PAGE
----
· “Haider, mera inteqaam lena mere bhai se... uski un dono aakh mei gooliyaan daagna, jin aakho se usne tumhari maa par fareb daale the” – this is a urdu cum Kashmiri translation of Hamlet’s spirit when he asks his son to avenge his death.
· “Dil ki agar sunu toh tu hai... Dimag ki sunu toh tu hai nahi. Jaan lun ki Jaan dun? Main rahoon ki main nahi” – Haider’s inner conflict more close to “To do… or not to… that is the confusion” dialogue of Hamlet.
· “Aap Doctor hai kya? Main Doctor ki Rooh Hu” – this almost set me thinking that Haider’s father spirit has changed the face.
Scenes that stand out:
1. Shahid & Tabu’s conversation in the first part –It is heart breaking to watch when Shahid crumbles down on realizing that his father may never return. More than that, we realize that Tabu is a half-widow who nor can celebrate the married life nor live a widow life. Moreover, the fact that everyone accepts her to change and adapt is excruciatingly cruel. Nobody bothers to ask her how as a woman, wife and mother does she feel!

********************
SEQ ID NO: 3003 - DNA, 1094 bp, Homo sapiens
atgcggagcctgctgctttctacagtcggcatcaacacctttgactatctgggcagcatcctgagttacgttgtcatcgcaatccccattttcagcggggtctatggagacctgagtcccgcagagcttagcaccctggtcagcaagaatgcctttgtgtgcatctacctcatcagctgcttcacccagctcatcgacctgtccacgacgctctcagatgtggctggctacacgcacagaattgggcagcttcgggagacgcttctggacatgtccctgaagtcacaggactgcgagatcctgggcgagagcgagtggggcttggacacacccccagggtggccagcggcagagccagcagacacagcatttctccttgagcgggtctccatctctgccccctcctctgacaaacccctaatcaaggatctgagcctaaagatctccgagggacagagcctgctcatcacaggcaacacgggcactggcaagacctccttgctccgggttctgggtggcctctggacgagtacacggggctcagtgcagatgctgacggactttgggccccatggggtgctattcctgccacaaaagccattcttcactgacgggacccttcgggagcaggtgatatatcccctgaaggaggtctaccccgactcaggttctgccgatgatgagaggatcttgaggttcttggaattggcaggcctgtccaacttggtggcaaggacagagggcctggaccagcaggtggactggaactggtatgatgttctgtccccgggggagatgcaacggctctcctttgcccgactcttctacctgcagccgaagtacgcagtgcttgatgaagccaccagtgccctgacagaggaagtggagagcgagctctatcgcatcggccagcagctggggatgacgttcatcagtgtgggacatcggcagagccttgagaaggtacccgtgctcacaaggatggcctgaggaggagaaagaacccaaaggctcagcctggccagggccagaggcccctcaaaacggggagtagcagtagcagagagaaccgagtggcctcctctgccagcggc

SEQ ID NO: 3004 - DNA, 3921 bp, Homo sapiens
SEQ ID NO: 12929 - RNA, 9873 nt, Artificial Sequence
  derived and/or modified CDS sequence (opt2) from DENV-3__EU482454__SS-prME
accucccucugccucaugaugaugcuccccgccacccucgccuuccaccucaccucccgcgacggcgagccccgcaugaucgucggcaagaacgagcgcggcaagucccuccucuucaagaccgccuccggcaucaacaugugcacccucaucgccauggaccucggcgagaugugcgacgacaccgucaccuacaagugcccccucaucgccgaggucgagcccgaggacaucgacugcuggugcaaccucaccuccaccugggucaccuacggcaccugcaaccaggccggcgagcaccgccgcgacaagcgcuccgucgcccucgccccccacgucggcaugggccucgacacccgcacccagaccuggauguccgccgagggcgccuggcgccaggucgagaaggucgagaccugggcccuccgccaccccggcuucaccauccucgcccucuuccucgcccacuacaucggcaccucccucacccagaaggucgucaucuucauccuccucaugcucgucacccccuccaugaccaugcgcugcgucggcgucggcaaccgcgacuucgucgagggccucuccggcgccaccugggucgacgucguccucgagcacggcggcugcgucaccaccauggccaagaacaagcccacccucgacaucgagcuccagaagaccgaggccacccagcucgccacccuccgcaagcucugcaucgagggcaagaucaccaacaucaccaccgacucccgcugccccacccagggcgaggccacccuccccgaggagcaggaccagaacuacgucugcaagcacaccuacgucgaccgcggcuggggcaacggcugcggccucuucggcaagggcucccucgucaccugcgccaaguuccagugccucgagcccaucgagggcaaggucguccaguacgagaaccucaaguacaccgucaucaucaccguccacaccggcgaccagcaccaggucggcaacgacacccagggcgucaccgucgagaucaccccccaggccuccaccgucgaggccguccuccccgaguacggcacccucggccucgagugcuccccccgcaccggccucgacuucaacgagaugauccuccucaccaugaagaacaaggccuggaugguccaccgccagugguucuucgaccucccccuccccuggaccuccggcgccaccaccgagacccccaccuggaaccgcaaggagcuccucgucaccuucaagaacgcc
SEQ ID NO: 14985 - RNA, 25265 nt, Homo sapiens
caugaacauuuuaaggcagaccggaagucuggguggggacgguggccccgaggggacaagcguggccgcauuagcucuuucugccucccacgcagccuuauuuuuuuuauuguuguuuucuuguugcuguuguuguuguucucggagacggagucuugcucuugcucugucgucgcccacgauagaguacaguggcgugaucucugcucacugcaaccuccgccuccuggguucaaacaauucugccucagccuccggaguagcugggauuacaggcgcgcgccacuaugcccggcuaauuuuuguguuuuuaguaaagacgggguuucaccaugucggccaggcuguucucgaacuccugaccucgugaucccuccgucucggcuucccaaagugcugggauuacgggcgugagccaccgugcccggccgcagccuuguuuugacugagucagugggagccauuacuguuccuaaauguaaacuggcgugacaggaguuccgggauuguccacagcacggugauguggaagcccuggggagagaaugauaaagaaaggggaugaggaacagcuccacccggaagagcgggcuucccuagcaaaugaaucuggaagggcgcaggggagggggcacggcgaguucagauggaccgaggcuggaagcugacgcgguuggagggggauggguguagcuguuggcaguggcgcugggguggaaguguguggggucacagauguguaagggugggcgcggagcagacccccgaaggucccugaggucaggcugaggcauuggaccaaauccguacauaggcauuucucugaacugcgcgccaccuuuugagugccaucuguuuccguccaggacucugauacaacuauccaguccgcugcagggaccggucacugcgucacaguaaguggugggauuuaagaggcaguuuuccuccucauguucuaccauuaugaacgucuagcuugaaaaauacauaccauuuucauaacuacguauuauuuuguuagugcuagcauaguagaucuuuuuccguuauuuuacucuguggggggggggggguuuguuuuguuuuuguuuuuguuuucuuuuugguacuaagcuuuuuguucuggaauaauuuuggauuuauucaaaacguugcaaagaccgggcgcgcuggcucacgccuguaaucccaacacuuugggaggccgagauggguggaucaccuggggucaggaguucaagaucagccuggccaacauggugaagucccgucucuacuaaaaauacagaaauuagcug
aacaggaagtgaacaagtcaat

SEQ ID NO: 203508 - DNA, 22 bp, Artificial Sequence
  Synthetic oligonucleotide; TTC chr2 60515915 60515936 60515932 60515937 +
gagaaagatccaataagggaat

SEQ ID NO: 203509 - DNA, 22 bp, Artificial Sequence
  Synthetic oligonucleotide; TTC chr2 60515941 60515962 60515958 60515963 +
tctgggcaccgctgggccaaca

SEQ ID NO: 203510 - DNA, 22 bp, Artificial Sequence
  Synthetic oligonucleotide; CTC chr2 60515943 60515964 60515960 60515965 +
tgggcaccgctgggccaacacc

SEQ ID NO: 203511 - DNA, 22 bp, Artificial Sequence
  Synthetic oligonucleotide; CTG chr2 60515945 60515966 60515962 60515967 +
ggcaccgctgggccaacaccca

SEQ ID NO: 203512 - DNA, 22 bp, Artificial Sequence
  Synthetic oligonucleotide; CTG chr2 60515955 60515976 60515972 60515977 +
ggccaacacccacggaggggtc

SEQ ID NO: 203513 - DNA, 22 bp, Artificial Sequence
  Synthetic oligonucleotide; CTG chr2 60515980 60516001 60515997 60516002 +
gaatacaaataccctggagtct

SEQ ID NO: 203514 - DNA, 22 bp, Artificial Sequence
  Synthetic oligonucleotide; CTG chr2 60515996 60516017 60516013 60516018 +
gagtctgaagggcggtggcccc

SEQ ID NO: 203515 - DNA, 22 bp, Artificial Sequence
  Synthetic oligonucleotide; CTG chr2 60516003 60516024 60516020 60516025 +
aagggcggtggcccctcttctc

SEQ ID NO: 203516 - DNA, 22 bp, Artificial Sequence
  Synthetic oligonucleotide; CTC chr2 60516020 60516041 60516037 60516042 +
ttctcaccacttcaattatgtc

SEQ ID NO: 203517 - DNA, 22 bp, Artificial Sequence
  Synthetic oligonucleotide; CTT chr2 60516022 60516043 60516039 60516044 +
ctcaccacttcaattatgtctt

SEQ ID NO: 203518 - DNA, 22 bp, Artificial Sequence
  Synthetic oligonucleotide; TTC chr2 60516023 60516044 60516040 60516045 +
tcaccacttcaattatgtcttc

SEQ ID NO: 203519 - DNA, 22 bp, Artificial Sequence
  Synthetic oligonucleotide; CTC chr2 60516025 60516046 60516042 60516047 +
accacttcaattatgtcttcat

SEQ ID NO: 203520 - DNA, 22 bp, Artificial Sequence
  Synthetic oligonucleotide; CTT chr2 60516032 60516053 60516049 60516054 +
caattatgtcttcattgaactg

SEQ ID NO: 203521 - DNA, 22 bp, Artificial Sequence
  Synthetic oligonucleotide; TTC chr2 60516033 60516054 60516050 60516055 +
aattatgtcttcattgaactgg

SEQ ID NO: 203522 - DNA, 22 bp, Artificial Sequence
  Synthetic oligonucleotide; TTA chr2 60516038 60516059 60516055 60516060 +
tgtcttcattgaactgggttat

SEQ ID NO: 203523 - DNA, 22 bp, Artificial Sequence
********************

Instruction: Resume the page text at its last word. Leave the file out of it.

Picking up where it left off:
2. Grave diggers – As mentioned earlier, the song ‘Aao Na’ is picturized on grave diggers. A grave for others is a thing to be frightened about but for them, it is a place of solace. They calmly dig up graves and find peace in them. Also, hinting to the fact that your grave may be the same as someone else’s because the ratio of people dying is more than living. Tragic, no?
3. Shahid and Tabu’s conversation in part 2 – It is a conversation that happens in their old burnt house when she realizes that his uncle is the culprit. How amazing is it? You have to watch the movie for o know. A lesson the scene teaches us is, no outsider should be trusted with the secrets of our household.
4. The Climax scene – Watch it!